Reproduced in full from Free Domain Radio’s board on July 10, 2009:
Thank you for your thoughtful response to Statism Is Dead.
I can see the point you are making about the Constitution not being a social contract between each and every citizen of the state. That is technically impossible, as you point out, because it would require the informed, voluntary acceptance of all its terms by every person affected by it. With that strict interpretation, the phrase “social contract” has no useful meaning, because it can never exist except within a very small group. So what do we call it when it is necessary to devise a set of rules to limit the power of the state to a defensive function? Perhaps we should just call it a charter or constitution and forget the phrase social contract.
Although I can understand the problem with that phrase when applied to large numbers of people, I feel it still serves a useful purpose in the context within which it is used here. As with most words and phrases, the dictionary offers numerous meanings, and we are not bound to accept only the most restrictive one among them. When we are born into a family, we inherit a social contract with our parents based on the norms of our culture even though we lack the intelligence or independence to choose otherwise. Until we are of sufficient age, we are subject to those norms even though we never agreed to the contract.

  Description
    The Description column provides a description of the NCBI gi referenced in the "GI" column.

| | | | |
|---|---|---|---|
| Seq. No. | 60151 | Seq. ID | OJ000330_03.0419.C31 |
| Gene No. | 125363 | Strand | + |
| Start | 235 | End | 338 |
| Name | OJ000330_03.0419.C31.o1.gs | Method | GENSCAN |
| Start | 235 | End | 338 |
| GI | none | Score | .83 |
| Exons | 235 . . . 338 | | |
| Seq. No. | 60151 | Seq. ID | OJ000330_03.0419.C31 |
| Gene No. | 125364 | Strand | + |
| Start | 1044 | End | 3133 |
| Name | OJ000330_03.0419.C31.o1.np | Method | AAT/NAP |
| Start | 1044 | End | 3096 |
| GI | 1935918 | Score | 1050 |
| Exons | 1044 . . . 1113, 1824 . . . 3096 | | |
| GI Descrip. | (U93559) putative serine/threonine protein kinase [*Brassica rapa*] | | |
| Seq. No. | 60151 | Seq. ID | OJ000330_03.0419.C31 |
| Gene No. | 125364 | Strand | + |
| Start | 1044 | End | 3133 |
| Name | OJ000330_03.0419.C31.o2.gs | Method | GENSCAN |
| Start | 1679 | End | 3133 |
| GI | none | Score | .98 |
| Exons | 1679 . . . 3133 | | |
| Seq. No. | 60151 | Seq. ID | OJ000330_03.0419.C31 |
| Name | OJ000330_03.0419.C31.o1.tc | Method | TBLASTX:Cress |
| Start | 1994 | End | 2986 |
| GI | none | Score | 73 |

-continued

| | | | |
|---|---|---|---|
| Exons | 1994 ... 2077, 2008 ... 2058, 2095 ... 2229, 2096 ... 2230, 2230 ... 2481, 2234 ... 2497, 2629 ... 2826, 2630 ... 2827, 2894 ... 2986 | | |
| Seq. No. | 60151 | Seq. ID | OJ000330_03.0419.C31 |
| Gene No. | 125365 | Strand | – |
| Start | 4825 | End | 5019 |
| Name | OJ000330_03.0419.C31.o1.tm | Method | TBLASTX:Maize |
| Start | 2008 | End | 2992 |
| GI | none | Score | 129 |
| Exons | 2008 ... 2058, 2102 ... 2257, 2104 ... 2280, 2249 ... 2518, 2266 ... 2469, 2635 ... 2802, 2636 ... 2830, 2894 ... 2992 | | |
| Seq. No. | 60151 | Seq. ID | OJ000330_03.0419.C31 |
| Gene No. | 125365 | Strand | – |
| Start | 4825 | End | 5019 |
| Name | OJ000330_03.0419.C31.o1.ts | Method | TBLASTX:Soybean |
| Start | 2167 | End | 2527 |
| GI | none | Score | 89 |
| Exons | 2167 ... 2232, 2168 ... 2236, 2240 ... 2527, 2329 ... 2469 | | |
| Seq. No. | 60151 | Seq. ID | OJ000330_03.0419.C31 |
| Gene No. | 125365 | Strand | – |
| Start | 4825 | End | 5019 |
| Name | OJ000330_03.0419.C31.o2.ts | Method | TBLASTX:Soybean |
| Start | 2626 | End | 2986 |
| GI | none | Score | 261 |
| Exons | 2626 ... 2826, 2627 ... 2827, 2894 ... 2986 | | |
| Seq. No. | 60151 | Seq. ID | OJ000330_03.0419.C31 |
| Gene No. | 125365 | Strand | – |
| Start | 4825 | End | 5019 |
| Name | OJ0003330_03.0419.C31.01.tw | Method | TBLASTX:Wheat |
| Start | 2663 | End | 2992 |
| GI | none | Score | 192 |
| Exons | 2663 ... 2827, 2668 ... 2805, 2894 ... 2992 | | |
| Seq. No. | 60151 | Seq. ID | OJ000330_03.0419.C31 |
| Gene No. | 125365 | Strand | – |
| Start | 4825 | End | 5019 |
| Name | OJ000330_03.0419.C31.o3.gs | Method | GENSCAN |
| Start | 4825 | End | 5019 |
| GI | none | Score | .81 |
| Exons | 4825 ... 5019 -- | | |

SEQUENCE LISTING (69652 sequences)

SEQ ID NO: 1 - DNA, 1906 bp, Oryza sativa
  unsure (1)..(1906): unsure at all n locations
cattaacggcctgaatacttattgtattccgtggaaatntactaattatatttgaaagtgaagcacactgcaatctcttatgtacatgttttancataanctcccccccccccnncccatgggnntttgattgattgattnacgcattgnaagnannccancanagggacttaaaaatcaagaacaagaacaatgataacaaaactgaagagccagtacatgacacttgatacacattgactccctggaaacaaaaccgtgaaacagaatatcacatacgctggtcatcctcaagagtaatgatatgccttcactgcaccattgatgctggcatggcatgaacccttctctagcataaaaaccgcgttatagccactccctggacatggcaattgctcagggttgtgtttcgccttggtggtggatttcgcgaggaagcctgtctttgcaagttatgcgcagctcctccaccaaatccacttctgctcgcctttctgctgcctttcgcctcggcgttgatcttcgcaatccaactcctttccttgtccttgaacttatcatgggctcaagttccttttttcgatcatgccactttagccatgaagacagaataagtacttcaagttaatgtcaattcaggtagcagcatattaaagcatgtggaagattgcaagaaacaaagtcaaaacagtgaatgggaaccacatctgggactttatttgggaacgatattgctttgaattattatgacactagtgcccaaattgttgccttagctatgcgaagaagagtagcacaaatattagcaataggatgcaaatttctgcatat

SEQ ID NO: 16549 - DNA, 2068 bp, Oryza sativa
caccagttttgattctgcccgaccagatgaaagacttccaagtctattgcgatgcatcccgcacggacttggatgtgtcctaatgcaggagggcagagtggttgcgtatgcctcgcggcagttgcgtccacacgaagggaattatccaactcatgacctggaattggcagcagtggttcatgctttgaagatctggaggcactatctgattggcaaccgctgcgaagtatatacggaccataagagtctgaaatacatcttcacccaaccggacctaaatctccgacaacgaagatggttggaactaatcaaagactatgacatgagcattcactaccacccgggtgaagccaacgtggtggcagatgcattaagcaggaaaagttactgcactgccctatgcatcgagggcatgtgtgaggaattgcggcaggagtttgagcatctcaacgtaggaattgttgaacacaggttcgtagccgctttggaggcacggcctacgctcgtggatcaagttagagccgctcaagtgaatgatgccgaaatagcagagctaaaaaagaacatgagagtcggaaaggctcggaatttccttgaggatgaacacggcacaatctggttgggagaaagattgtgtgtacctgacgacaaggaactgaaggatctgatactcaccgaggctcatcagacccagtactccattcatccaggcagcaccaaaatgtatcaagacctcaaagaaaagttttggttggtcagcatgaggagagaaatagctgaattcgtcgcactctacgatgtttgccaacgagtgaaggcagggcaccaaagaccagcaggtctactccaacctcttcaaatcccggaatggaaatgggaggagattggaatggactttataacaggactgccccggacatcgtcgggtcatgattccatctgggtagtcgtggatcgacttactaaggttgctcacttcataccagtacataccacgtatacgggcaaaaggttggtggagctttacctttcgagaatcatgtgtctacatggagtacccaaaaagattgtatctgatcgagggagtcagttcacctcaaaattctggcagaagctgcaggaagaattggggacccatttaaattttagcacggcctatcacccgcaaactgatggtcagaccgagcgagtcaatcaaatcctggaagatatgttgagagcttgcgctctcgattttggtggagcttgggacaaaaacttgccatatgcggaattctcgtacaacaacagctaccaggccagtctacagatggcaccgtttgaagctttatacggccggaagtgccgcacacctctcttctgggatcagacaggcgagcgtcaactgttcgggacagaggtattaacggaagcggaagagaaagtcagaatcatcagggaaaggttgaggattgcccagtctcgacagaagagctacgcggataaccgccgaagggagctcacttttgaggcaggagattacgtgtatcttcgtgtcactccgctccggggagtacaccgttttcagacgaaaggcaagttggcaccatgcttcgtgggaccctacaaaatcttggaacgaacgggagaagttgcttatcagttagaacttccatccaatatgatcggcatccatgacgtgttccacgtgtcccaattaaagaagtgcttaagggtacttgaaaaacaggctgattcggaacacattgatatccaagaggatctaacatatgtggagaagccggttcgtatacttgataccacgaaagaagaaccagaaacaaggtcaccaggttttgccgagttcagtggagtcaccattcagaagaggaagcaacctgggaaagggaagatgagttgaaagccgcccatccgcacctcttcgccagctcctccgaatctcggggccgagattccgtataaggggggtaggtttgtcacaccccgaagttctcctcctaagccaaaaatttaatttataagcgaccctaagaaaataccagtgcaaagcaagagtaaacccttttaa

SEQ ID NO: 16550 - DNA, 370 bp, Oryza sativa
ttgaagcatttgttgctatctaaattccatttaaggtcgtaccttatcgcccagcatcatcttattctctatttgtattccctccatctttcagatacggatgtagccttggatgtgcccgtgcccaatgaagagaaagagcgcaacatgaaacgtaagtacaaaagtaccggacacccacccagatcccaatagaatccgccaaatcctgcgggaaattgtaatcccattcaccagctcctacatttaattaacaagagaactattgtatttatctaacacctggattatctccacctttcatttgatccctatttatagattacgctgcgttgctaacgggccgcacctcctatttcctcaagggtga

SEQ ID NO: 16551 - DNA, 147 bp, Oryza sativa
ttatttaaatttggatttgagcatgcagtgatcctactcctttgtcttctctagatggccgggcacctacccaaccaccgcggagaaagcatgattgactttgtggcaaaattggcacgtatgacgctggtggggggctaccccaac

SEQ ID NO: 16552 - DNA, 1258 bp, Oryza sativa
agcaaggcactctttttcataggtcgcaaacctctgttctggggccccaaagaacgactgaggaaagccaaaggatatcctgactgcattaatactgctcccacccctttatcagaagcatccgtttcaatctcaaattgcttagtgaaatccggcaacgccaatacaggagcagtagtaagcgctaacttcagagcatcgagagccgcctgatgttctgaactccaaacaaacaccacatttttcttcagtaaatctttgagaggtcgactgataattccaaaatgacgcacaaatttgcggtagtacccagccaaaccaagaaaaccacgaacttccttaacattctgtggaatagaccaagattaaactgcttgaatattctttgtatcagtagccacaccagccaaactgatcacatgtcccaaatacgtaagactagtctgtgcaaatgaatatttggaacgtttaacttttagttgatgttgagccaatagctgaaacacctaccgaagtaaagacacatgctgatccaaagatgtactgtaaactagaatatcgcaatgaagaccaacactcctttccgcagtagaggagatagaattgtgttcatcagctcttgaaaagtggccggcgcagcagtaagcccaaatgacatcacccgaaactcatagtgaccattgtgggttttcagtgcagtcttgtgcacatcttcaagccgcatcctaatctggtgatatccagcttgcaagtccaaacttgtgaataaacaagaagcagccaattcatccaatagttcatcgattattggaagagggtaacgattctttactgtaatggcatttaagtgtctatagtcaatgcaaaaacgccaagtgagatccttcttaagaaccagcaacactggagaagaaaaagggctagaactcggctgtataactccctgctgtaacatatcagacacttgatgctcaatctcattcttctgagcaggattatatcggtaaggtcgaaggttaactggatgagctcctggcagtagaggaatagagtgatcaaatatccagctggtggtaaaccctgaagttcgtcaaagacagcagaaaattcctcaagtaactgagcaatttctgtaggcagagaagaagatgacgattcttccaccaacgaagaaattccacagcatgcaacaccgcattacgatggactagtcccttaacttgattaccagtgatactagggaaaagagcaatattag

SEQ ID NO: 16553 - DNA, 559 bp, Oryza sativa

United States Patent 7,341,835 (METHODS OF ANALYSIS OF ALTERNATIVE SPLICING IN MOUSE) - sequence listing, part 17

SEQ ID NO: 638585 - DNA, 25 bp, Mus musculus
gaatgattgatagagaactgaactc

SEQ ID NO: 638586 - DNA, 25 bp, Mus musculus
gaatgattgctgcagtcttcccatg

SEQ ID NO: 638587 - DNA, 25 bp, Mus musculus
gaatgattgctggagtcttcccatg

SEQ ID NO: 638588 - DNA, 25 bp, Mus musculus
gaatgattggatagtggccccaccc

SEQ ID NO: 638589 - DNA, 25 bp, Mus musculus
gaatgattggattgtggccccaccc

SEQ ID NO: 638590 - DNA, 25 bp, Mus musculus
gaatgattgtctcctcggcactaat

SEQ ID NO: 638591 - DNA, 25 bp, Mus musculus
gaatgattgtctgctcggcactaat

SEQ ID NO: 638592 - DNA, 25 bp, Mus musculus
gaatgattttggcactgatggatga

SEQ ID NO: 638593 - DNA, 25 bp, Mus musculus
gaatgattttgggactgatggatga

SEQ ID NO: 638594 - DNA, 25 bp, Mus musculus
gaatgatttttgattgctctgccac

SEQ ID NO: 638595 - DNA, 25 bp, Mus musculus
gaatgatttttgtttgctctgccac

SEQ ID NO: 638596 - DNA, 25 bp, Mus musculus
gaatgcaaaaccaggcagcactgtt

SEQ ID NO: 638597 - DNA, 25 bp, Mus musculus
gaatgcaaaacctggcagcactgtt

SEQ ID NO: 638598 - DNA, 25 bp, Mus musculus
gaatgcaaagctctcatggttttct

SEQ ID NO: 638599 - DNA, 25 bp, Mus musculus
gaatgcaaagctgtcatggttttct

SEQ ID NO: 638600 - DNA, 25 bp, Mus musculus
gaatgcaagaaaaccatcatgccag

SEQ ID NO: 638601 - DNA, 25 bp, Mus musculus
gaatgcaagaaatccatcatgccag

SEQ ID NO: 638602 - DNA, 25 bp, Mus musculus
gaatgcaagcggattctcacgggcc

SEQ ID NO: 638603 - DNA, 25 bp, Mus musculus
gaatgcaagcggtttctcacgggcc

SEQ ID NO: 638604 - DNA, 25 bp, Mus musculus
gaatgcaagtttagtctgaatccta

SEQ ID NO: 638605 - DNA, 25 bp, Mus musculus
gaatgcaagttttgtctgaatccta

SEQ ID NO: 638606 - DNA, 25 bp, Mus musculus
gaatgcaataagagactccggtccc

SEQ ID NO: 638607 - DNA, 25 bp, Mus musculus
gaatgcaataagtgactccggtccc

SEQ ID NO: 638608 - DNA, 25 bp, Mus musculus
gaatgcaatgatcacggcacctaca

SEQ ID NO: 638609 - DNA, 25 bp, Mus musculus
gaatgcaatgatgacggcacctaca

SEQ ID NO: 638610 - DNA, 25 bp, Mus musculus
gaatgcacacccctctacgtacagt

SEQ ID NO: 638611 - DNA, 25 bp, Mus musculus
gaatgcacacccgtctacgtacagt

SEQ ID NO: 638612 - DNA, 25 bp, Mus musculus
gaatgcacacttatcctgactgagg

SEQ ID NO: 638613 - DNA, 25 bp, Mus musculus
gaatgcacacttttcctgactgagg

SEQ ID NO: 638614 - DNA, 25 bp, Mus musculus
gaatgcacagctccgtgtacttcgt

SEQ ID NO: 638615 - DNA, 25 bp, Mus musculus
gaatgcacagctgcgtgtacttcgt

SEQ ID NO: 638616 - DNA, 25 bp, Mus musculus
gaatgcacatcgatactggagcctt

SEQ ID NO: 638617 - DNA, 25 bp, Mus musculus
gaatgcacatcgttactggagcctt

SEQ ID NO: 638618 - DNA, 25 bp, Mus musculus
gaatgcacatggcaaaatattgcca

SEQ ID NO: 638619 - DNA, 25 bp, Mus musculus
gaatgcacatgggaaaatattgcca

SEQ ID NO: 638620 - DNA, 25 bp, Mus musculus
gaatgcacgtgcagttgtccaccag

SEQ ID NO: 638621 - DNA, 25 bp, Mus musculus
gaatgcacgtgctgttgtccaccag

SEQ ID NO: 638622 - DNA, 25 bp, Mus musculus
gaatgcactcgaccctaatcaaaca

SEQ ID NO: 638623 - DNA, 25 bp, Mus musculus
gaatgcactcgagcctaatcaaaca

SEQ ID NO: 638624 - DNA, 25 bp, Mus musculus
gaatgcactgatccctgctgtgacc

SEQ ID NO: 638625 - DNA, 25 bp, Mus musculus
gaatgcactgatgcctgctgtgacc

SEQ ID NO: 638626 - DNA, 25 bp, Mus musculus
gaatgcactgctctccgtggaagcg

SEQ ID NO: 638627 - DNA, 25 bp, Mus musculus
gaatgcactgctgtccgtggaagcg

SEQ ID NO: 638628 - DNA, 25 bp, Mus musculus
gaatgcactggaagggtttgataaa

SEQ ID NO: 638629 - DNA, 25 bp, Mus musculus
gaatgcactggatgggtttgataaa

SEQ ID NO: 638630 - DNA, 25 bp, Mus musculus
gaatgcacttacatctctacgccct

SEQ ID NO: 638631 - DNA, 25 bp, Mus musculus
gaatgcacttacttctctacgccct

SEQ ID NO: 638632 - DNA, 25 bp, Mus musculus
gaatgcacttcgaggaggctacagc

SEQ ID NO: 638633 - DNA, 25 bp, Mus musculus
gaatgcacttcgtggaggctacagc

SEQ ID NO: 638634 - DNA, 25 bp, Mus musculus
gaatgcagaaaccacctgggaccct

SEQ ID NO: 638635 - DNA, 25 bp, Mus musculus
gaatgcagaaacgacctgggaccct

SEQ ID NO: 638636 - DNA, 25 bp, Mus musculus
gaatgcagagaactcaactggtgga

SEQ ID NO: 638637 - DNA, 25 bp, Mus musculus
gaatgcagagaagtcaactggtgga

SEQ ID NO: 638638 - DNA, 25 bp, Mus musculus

When we move into a neighborhood or go to work for a business firm or join a social organization, we accept the terms of whatever agreements are already in existence within those structures even though we are not given a copy to study and sign. If we know of or discover any features which we disapprove, we are free to attempt to alter them or, in the extreme, to remove ourselves. This applies equally to the state, provided it is a protectorate, because, in that event, there would be no restrictions on one’s freedom to move to another state. So long as we voluntarily remain in the neighborhood, in the business firm, as a member of the social organization, or a citizen of the state, we become a “consenting” party to the existing rules. If our social club votes to exclude anyone who cannot speak English and we remain a member, it is logical to assume we either approve of the measure or feel that it is tolerable. It is in that sense that we use the phrase social contract. The bottom line is that the set of rules by which the state is regulated do not have to be called a social contract, although I personally feel that it is a perfectly good description for most purposes.
I am delighted to know that your critique is based primarily on semantics. Thanks for carting about these important issues.
For more on G. Edward Griffin, see my article, G. Edward Griffin exposes the HIV/AIDS scam.